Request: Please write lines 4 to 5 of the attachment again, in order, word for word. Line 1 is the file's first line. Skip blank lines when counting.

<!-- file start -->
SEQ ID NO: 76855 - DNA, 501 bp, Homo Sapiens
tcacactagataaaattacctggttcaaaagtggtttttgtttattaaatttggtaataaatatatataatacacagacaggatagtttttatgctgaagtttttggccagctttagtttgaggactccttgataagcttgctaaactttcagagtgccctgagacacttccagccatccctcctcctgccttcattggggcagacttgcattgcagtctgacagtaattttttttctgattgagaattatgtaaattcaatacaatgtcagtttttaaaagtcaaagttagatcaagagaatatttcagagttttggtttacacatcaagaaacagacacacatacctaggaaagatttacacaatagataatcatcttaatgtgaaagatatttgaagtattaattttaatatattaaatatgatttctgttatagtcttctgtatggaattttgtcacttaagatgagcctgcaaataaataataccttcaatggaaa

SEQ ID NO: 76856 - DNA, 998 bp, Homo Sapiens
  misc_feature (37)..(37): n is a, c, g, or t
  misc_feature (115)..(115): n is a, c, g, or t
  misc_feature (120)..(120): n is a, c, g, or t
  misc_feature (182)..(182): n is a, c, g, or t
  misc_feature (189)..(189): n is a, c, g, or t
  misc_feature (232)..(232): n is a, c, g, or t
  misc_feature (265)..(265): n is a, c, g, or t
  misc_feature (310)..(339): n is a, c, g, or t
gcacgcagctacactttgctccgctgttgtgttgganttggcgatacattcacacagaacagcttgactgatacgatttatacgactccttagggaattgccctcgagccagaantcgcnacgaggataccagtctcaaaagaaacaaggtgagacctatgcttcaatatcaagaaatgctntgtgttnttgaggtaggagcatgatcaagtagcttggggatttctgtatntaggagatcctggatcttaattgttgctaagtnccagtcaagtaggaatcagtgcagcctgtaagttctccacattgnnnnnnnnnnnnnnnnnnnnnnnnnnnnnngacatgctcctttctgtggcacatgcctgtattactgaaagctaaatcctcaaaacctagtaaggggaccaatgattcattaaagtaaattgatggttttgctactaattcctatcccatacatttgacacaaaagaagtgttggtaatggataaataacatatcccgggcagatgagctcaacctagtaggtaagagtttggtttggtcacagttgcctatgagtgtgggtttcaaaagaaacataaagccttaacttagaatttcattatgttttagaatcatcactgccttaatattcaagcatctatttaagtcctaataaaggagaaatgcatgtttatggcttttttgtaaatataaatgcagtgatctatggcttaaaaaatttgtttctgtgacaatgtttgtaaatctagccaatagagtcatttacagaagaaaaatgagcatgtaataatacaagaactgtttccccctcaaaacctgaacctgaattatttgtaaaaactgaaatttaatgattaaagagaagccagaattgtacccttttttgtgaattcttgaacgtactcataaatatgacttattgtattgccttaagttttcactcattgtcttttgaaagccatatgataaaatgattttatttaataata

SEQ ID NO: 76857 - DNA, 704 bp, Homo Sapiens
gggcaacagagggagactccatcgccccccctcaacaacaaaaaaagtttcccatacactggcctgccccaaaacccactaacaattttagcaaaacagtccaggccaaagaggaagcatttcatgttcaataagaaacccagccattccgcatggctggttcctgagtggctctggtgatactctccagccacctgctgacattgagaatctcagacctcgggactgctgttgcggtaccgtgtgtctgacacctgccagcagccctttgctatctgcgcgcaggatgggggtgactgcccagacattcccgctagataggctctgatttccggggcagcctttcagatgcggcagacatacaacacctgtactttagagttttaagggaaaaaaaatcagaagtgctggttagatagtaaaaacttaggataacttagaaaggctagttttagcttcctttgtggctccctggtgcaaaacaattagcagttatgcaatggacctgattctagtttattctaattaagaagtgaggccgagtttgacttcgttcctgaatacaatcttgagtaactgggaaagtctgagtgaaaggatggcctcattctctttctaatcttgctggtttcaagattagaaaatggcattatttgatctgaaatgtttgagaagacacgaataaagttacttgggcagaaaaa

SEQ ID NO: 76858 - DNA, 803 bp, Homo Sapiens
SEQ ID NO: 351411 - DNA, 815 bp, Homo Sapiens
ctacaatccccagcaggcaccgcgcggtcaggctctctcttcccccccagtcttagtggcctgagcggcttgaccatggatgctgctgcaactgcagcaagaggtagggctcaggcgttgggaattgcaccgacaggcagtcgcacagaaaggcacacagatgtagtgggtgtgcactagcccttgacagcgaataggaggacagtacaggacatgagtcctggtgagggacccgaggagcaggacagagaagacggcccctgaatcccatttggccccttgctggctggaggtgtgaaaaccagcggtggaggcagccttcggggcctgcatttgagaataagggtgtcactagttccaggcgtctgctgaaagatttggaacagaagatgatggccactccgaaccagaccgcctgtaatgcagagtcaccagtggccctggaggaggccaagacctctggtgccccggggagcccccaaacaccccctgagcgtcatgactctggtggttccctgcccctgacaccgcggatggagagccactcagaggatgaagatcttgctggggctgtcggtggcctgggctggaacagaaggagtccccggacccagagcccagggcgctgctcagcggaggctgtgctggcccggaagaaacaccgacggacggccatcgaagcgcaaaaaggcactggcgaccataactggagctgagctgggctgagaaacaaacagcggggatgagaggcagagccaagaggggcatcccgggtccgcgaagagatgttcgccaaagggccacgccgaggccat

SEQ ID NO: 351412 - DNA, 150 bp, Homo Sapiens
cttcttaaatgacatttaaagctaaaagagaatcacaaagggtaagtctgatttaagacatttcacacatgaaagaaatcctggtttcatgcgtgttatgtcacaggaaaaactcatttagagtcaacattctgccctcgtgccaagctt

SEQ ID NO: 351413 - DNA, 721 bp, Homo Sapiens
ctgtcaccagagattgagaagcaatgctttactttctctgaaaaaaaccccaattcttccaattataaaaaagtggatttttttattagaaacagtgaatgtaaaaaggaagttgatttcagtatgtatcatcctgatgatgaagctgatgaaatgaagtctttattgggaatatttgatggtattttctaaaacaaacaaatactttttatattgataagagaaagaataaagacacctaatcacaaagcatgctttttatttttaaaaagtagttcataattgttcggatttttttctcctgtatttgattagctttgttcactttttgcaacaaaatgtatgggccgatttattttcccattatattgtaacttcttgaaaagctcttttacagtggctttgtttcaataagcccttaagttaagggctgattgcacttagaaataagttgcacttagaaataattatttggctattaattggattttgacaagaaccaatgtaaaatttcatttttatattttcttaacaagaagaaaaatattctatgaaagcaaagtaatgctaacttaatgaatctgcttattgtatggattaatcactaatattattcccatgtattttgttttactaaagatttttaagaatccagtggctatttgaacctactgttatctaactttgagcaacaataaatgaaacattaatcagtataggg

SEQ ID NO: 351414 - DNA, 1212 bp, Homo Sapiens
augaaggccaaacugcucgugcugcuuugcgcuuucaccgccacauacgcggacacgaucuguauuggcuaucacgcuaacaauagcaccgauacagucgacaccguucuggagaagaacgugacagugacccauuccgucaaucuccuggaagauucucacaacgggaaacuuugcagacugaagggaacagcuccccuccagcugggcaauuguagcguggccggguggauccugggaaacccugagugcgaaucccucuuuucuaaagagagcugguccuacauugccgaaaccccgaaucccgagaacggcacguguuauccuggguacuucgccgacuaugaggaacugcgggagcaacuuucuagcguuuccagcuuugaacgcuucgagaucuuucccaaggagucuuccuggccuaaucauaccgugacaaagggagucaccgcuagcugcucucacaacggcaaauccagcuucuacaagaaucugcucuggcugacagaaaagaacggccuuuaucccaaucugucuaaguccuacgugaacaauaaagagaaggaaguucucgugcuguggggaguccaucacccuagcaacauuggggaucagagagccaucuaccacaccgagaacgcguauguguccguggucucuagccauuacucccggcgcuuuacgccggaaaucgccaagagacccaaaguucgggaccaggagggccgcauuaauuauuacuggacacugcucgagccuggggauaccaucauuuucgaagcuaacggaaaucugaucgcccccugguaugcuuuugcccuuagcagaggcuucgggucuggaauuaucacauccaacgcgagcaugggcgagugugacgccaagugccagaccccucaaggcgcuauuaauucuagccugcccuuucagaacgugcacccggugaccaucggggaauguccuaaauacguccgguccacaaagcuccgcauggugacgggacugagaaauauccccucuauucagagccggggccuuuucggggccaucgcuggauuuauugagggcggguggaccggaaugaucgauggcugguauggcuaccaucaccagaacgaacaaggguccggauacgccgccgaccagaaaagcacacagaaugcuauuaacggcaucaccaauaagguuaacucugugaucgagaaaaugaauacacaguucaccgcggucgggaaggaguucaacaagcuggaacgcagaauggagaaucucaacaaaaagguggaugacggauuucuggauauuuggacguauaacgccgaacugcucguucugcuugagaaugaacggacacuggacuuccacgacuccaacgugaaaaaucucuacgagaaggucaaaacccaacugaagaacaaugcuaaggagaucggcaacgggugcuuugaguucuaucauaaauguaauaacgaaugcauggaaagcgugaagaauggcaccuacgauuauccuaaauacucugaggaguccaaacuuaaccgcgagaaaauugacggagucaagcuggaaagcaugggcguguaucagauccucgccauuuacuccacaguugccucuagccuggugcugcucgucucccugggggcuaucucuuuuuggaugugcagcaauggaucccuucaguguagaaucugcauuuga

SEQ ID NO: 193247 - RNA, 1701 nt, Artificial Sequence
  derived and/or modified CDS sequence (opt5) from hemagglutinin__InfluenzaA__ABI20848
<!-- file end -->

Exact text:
  misc_feature (37)..(37): n is a, c, g, or t
  misc_feature (115)..(115): n is a, c, g, or t